The Jets’ front line in the secondary, the cornerback area, leaves much to be desired. Only newcomer Justin Hardee (115 defensive snaps over the past three years) has more than two seasons of NFL experience and he was primarily brought in for his special teams expertise. Four cornerbacks have no experience at all, as the Jets spent the Saturday of draft weekend adding new names to the ranks. Michael Carter II, Jason Pinnock, and Brandin Echols arrived in the draft’s later rounds while Isaiah Dunn was added through undrafted free agency.

At the top of the depth chart, Bless Austin and Bryce Hall…a combined 23 starts between them…are set to take starring roles. Behind them lies a hodgepodge of journeymen (Corey Ballentine, Bennett Jackson) and undrafted youngsters (Javelin Guidry, Zane Lewis, Elijah Campbell, Lamar Jackson…no, not that one, obviously).

Head coach Robert Saleh isn’t worried.

Mandatory Credit: Mark J. Rebilas-USA TODAY Sports

One would perhaps expect Saleh, a defensive coach in several assistant stops throughout the NFL, to assemble a more worthy group of defenders for his first year as a head coach. When that proved to be unfeasible, Saleh worked with management to come to a relative compromise of stocking up on young secondary talent on draft weekend Saturday after spending the first two days preparing for the new franchise quarterback’s arrival. So far, he’s happy with the young clay that he gets to mold in his first season at the New York helm.

Saleh doesn’t care about where they’ve been or how they were obtained. He carries one burning question for his new young talents, one he carries with him from his days as the defensive boss in San Francisco.

“Can you win on third down? That’s pretty much it. It’s that simple,” Saleh said on Thursday, per notes from the Jets. “When you’re looking at traits, we had Richard Sherman, who’s all of 6-3, long, incredibly smart, and we’ve had Jason Verrett, who’s all of 5-9, strong and wiry.”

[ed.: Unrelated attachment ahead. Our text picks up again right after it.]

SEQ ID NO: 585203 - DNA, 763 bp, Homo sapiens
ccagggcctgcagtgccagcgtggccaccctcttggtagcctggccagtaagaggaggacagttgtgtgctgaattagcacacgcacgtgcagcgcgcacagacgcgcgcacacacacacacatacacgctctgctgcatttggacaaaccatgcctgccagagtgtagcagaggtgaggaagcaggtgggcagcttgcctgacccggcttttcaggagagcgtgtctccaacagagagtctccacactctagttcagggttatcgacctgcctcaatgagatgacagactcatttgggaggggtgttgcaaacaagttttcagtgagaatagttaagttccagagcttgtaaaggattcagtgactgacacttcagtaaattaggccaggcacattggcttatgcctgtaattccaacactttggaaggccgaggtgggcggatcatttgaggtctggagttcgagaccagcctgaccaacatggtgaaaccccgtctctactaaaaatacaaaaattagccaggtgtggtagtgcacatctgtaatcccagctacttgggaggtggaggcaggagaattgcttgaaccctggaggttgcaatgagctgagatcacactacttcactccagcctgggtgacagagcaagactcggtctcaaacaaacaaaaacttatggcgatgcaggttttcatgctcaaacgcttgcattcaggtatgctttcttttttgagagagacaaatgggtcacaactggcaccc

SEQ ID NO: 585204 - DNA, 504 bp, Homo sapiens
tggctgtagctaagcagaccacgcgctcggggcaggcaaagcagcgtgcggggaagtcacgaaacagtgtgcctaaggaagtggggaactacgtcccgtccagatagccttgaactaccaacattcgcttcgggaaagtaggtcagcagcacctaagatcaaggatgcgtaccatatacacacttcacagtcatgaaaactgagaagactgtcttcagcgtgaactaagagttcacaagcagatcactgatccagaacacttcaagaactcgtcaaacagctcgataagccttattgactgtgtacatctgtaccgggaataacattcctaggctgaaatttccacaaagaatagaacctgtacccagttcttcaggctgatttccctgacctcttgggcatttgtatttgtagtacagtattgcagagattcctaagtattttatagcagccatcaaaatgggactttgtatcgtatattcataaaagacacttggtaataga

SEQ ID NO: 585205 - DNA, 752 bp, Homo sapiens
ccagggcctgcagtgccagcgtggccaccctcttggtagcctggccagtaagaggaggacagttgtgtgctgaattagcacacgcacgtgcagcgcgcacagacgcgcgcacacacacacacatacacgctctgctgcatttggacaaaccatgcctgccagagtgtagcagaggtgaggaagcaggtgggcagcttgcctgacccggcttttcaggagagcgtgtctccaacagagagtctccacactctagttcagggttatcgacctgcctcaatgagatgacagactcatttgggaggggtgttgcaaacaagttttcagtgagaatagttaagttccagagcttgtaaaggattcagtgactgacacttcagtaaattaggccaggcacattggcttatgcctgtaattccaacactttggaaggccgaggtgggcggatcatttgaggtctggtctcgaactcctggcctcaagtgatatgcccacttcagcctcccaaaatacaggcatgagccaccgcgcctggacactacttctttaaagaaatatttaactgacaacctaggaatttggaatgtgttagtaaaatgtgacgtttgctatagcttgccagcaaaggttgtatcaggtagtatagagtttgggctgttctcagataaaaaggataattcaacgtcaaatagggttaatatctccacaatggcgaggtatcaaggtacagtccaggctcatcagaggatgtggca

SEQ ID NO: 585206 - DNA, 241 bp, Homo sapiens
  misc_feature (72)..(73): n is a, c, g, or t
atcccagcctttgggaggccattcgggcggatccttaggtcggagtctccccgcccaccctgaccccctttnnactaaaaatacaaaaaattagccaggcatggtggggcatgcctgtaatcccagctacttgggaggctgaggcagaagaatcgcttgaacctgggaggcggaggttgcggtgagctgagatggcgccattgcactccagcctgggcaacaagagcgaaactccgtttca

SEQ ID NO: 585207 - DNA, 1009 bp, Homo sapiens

“So they come in all shapes and sizes but the dog mentality, the ability to win in man coverage, the fearlessness to get up there in press (coverage) and win one-on-ones. That’s what matters, because at the end of the day, when it’s crunch time and you’ve got to win in football, it comes down to your ability to win in one-on-one, whether it’s man, zone, however you want to count it.”

The current starters’ respective battles with gridiron adversity are particularly inspiring to a New York team desperate to overcome relentless vibes and reminders of the “same old Jets” concept. Austin, a Queens native, enjoyed a breakout sophomore season at Rutgers but injuries limited him to only five more games in Piscataway over his last two seasons. Hall might’ve been an opening round pick in 2019, but an injury sustained during his senior year banished him to the Saturday wilderness.

To their credit, Austin and Hall have garnered positive reviews in their early camp showings. Brian Costello of the New York Post said that Hall “looks like he is ready to make a jump” in his sophomore season while Austin has been a thorn in the side of Zach Wilson early on. Saleh has been pleased with the early returns, once bringing up the size differences in analyzing each defender.

New York Jets, Bryce Hall

“Bryce is so long and big. Bless is obviously more wiry and twitchy, but they both have an incredible mindset to get up there, get in your face, use their length, use their athleticism,” Saleh said. “What we’ve been doing defensively is we teach a little bit different of a man technique, obviously, and our zones. So try to get them the reps they need to be able to blend the two is not easy and it does take time, but these guys have gotten better every day.”